Just a few short years ago, agriculture chemical stocks found themselves front-and-center on investors’ radars, as well as the focus of momentum players. In particular, shares of Potash (NYSE:POT) soared from mid-teens to $80 in a span of fifteen months from March 2007 to June 2008. The bubble popped as the global economic crisis revealed itself.
Today, five years after its inaugural ascent into greener pastures and trading at nearly 50% of its peak, the once high-flying darling of the street Potash appears to have fallen by the wayside, as well as off of the radars of investors, which has prompted us to ask the following: Is it time to fertilize your portfolio with Potash? Numerous hedge funds appear to think so. Richard Chilton, Robert Pohly, Jim Simons, and Phil Gross all held healthy positions as of the end of last year.
Potash Corporation of Saskatchewan Inc., together with its subsidiaries, produces and sells fertilizers and related industrial and feed products primarily in the United States and Canada. The company mines and produces potash, which is used as fertilizer. It also offers solid and liquid phosphate fertilizers, animal feed supplements, and industrial acids that are used in food products and industrial processes. In addition, the company produces nitrogen fertilizers and nitrogen feed, as well as industrial products, including ammonia, urea, nitrogen solutions, ammonium nitrate, and nitric acid. Additionally, Potash holds the right to mine 785,867 acres of land in Saskatchewan and 58,263 acres of land in New Brunswick Canada.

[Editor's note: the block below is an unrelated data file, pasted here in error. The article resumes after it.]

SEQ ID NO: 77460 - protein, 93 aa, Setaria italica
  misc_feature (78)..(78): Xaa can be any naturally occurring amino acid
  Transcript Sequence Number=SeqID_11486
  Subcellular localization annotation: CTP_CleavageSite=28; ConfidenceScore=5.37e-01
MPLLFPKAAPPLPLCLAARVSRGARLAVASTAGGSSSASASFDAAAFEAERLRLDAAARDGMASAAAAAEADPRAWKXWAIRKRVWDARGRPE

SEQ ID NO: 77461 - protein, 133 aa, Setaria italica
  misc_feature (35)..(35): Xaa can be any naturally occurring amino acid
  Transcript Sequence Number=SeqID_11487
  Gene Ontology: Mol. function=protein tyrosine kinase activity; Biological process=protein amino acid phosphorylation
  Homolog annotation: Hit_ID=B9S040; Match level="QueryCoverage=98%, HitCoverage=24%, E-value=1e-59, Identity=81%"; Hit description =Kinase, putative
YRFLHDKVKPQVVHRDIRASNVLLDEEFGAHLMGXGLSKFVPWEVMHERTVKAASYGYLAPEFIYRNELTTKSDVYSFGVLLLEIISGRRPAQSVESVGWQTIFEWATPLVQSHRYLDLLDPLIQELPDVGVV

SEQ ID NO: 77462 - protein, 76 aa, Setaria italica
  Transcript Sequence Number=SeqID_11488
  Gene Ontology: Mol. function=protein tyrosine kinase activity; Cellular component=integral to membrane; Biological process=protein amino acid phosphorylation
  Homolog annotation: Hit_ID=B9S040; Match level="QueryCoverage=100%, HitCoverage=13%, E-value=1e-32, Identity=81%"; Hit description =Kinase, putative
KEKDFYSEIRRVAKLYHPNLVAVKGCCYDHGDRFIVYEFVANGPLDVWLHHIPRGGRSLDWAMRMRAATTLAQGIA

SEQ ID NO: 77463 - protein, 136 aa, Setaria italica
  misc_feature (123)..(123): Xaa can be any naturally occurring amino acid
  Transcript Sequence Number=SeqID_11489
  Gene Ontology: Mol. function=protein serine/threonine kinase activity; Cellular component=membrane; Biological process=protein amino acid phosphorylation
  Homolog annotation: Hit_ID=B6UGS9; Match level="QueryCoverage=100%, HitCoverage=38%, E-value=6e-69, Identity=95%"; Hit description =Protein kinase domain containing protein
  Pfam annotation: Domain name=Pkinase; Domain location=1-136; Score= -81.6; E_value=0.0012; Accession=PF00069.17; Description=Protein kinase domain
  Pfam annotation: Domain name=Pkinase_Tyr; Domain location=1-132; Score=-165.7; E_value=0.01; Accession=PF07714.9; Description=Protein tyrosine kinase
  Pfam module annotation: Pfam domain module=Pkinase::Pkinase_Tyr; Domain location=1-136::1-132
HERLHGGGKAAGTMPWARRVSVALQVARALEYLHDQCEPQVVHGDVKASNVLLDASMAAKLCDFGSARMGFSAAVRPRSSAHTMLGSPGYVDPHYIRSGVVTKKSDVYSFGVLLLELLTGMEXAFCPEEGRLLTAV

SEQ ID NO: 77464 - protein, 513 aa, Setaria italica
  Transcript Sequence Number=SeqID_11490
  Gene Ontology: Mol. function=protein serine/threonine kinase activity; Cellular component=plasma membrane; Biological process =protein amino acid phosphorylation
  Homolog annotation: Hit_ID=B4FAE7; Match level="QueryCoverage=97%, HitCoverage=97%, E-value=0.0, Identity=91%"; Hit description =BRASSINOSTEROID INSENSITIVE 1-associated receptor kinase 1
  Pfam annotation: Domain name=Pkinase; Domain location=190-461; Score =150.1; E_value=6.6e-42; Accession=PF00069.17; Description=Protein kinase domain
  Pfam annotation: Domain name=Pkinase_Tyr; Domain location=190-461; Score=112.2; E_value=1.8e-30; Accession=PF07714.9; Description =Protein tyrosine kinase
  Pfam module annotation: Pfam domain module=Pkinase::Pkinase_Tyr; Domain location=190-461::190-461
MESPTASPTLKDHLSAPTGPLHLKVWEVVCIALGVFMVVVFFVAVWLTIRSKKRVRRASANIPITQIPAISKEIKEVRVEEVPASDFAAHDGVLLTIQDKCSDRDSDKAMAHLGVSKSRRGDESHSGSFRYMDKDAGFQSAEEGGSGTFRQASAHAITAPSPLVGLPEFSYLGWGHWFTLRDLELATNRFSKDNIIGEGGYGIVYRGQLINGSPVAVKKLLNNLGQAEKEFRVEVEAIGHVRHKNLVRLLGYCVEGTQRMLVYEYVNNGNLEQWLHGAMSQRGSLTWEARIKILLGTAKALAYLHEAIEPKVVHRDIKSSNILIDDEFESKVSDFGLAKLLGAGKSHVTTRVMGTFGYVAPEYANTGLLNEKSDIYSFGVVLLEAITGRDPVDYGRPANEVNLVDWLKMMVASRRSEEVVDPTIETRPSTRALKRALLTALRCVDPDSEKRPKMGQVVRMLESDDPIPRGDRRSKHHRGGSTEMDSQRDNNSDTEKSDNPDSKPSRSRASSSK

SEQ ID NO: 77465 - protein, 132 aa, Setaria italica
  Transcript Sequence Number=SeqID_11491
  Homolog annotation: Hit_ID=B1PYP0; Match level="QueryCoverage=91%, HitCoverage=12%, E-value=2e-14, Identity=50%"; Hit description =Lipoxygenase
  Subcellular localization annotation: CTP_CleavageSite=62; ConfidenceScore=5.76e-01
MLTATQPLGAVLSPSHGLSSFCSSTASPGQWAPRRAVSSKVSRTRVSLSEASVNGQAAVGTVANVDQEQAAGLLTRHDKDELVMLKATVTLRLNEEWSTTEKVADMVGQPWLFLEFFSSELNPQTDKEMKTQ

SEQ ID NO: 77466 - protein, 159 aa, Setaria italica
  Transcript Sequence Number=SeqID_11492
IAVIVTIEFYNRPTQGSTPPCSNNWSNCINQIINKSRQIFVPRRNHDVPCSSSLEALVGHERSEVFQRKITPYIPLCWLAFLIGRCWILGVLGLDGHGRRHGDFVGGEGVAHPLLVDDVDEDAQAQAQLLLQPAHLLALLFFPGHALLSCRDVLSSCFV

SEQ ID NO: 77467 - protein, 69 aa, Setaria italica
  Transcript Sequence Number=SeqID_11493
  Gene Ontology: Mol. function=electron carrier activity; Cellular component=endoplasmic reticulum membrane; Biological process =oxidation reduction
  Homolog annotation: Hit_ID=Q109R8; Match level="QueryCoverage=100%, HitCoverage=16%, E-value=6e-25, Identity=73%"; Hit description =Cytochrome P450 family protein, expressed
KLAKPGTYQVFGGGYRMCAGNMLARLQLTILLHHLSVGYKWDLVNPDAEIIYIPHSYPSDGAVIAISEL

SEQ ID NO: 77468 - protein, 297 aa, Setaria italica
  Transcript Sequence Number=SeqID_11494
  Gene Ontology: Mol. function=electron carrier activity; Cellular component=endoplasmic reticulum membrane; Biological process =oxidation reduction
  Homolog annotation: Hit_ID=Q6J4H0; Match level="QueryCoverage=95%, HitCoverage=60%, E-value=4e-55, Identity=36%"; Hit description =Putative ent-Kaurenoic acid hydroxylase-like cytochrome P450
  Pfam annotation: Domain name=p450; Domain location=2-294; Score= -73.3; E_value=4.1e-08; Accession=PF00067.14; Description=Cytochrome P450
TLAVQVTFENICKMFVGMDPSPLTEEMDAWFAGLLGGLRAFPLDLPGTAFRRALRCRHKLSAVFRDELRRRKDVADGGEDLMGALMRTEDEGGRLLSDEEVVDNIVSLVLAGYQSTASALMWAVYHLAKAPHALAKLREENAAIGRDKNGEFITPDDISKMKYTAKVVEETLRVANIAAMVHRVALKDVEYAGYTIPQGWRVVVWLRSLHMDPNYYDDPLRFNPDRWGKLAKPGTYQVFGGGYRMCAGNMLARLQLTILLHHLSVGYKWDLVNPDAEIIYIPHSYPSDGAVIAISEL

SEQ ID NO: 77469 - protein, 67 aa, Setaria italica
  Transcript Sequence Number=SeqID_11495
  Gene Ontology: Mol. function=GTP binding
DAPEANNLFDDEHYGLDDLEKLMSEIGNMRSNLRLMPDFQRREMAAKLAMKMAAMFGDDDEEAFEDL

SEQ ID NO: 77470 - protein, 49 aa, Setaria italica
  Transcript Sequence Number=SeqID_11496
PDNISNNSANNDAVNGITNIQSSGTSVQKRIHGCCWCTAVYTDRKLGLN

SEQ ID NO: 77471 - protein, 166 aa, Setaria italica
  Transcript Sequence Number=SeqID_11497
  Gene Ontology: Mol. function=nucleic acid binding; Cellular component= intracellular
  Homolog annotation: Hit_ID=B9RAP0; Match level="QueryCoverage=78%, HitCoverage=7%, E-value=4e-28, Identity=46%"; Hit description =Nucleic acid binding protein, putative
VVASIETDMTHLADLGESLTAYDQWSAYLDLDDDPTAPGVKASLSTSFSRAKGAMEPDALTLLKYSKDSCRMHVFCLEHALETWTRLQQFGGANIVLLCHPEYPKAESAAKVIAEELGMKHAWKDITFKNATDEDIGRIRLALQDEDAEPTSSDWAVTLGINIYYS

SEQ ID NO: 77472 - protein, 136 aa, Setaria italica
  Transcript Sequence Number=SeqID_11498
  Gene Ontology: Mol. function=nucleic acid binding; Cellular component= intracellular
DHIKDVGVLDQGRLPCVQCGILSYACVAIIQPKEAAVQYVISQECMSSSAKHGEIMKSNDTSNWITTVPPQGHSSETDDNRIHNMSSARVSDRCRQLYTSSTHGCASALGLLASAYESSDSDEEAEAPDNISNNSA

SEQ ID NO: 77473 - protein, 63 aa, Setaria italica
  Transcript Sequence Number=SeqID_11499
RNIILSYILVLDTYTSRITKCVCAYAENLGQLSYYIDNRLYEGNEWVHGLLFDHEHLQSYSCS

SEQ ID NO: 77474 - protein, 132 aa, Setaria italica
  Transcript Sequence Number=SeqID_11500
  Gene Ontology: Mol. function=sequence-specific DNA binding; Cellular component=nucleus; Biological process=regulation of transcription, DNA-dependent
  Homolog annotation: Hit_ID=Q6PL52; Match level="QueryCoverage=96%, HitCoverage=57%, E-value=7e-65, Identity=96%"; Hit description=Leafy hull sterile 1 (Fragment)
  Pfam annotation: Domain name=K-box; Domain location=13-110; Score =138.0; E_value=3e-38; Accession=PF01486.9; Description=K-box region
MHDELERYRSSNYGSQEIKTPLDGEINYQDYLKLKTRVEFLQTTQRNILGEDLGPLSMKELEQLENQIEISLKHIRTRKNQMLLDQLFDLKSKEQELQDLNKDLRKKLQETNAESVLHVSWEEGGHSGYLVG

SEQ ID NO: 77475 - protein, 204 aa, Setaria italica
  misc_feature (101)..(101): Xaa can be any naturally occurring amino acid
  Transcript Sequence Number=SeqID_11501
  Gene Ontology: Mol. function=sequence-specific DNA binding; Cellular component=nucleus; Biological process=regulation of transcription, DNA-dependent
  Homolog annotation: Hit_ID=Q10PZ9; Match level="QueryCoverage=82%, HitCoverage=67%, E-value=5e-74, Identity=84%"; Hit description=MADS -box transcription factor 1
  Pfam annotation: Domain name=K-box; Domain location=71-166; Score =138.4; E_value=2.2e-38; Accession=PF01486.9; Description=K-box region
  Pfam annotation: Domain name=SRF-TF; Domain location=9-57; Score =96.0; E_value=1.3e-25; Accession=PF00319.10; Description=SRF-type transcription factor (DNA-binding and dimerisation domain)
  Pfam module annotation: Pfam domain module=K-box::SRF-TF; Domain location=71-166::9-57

Although the company missed earnings expectations in both Q3 and Q4 of 2011, the shares have seemingly found demand from buyers at the $40 level. Moving forward, analysts are projecting year-over-year EPS growth of 4.5% with revenues growing a tad better than 6% for fiscal 2012. Looking out to 2013, EPS and revenue growth are anticipated at 6% and 6.7% respectively and at current levels, sport a 12.8X forward multiple, which is a slight premium to that of Mosaic Company (NYSE: MOS), CF Industries Holdings Inc. (NYSE: CF) and Agrium Inc. (NYSE: AGU). However, the stock has a lower forward earnings multiple than Sociedad Quimica y Minera S.A. (NYSE: SQM) and CVR Partners, LP (NYSE: UAN).
Despite global economic conditions, which remain tepid after multiple doses of accommodative actions via global central banks, the landscape for agri-chemical companies and that of Potash may be improving now. While economic uncertainty has left traders and distributors somewhat fearful of being caught with overstocked inventories, such concerns have recently eased. Potash has just disclosed the re-opening of two of its mines in Saskatchewan, which had been closed in December and January due to slack demand. Although the mines were slated for re-opening in April, current strong demand has facilitated the fast-track status.
Furthermore, news last week that Canpotex, the consortium of POT, MOS and AGU finalized a deal to deliver 500,000 metric tons of potash to China based Sinofert Holdings in the second quarter, which holds prices steady and includes an option for an additional 200,000 tons, appears to be yet another sign of confirmation in the change of landscape.
Although macroeconomic challenges persist throughout the globe, the U.S Department of Agriculture in its recently released report in February noted that they expect record corn plantations by U.S. farmers in 2012. We expect the demand for corn to be strong because of increasing global consumption, particularly in China and India. That’s why we think agricultural chemicals are in a secular bull market. However, we don’t expect Potash or Mosaic to deliver the same enormous returns they had during the fast and furious days of 2007 and 2008. These are now value stocks that offer attractive risk-reward combinations and they should have decent returns over the long-term.